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Wyclef Jean's Yele Haiti Charity Collapses Amid Financial Impropriety Accusations

Wyclef Jean - P 2011
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Jean's group is said to have lavished rich contracts on friends and family, ignored bills and spent $30,763 to fly Lindsay Lohan to a charity event.

Wyclef Jean's Yéle Haiti charity is under fire once again.

The organization, which exploded in the aftermath of the 2009 earthquake that wrecked much of the impoverished island nation, shut down this summer while under investigation by the Attorney General of the State of New York; its founders rejected a settlement in which they'd pay over $600,000 each for misuse of the massive funds it collected since it launched in 2005, leading the New York Times to publish details of its dicey financial records.

STORY: The 10 Secret Rules of Hollywood's Charity Events

The Times reports that the organization spent much of its money on "offices, salaries, consultants’ fees and travel," as well as pay for Jean's family, friends and defense attorneys. Between 2005-2009, it spent "$256,580 in illegitimate benefits to Mr. Jean and other Yéle board and staff members as well as improper or potentially improper transactions."

Included was a payout of $24,000 for a car service for the Fugees singer, as well as $30,763 to fly Lindsay Lohan to a fundraiser that raised $66,000.

In 2010, the first big year of fundraising after the earthquake, the group earned $16 million and spent $9 million, half of which, the Times reports, went to office space and salaries. In 2006, Jean demanded $100,000 to perform at a concert for the group. Many vendors, including those providing meals and housing, have received only partial payment, or none at all. Meanwhile, many of Jean's relatives earned pay topping over half a million dollars, for work not completed or specified. The group also bought $250,000 worth of time on a TV station owned by Jean.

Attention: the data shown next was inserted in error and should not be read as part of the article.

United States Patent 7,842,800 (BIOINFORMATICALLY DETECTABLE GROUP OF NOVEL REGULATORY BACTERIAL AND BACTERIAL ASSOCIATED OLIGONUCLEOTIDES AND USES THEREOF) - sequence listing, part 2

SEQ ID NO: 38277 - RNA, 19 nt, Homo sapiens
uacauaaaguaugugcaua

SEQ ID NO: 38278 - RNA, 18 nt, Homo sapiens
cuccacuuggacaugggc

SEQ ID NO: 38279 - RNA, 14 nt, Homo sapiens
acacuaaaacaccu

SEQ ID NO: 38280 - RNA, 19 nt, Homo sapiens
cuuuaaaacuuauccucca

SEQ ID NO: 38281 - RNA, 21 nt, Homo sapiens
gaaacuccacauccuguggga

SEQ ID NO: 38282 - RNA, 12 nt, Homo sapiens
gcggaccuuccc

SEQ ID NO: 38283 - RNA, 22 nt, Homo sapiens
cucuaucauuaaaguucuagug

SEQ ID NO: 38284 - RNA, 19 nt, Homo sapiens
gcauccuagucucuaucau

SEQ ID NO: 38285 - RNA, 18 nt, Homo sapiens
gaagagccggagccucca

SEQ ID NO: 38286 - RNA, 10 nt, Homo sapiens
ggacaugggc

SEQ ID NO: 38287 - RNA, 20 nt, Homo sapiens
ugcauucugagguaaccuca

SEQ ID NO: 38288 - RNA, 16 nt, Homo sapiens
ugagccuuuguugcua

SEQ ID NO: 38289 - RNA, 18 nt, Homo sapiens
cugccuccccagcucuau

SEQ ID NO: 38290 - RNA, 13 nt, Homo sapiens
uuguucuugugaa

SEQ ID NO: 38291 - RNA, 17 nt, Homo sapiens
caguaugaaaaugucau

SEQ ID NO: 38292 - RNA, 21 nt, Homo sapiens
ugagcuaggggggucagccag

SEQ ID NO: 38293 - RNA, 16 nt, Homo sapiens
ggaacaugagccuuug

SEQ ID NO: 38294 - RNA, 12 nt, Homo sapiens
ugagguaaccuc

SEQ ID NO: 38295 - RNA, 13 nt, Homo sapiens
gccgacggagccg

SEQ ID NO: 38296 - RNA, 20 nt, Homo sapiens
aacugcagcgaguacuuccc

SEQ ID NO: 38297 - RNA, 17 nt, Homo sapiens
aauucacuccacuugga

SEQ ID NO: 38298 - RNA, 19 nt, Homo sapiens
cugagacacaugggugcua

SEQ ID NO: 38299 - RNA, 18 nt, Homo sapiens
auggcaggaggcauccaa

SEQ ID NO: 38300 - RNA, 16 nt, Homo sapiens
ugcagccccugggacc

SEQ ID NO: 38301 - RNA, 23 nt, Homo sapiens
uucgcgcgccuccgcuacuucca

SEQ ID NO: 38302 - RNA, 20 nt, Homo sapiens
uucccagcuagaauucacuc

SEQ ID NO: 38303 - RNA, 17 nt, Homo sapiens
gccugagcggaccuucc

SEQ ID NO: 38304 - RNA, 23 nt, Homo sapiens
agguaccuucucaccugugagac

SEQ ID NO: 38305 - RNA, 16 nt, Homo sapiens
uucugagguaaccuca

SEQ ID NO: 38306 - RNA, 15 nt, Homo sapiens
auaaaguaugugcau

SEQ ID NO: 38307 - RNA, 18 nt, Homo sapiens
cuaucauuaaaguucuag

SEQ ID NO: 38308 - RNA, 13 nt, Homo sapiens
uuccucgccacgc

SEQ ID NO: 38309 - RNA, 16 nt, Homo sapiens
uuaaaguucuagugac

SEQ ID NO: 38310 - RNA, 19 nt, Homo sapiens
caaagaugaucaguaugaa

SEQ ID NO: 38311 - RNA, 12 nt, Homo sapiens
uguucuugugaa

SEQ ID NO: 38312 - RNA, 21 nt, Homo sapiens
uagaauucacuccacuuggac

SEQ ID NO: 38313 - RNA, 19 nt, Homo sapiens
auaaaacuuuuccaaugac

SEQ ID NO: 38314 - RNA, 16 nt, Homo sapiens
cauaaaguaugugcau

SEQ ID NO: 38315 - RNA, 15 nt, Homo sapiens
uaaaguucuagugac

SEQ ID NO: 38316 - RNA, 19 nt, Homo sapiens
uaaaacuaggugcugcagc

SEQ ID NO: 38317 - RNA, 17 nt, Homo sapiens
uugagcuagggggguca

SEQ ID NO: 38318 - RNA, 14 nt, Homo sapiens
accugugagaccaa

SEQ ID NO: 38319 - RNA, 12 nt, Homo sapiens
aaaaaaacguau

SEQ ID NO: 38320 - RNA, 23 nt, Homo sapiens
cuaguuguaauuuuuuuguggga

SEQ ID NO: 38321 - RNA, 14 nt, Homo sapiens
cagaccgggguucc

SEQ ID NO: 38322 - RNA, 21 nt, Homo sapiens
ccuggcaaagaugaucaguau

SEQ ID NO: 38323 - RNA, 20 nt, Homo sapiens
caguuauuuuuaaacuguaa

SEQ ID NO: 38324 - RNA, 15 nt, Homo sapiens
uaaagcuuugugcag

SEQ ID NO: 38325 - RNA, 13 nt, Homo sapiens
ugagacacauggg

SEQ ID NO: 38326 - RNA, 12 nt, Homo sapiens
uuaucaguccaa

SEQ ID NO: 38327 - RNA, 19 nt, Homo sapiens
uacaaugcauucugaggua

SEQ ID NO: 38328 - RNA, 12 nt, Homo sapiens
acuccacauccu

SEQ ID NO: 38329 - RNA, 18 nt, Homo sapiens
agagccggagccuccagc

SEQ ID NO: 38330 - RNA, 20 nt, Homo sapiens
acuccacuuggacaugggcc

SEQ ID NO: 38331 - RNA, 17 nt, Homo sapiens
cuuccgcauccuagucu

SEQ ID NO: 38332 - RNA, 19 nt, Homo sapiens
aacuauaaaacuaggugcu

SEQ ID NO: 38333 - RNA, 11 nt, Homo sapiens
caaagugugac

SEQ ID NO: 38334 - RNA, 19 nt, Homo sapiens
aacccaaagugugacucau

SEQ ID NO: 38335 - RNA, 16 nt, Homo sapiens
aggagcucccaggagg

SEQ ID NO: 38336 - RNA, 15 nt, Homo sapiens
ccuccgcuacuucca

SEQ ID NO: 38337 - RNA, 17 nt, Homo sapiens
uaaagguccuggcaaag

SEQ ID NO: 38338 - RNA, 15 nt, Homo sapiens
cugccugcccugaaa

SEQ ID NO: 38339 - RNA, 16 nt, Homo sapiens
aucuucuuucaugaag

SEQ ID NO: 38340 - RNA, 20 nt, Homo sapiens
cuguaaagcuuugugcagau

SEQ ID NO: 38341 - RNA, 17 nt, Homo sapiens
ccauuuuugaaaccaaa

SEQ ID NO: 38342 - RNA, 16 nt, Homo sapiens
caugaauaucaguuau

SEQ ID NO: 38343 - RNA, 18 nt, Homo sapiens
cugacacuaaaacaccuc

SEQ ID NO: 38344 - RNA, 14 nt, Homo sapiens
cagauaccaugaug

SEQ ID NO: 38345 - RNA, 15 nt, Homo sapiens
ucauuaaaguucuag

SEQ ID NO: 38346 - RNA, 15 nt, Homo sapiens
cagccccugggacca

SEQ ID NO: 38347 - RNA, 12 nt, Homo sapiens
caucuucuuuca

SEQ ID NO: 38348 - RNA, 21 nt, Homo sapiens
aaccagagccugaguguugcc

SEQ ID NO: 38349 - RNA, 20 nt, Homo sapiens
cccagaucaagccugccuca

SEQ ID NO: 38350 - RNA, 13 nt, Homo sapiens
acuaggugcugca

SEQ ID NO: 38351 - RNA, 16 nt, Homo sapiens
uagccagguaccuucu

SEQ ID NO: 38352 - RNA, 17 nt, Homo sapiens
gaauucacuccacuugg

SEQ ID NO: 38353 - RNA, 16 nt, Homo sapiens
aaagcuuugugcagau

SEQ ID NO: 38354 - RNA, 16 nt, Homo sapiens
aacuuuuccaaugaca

Yele has come under criticism a number of times for its seemingly misguided spending; in 2011, the NY Post reported that the group spent only $5.1 million on relief efforts in 2010, giving $1 million to a Florida organization that it says seemingly did not exist. Jean angrily defended the group, though he was no longer affiliated with it, as he resigned to run for president of Haiti. He would be disqualified from the race because he lives in New Jersey.

In 2010, The Smoking Gun posted documents that showed the group made payments of over $100,000 to Jean's alleged mistress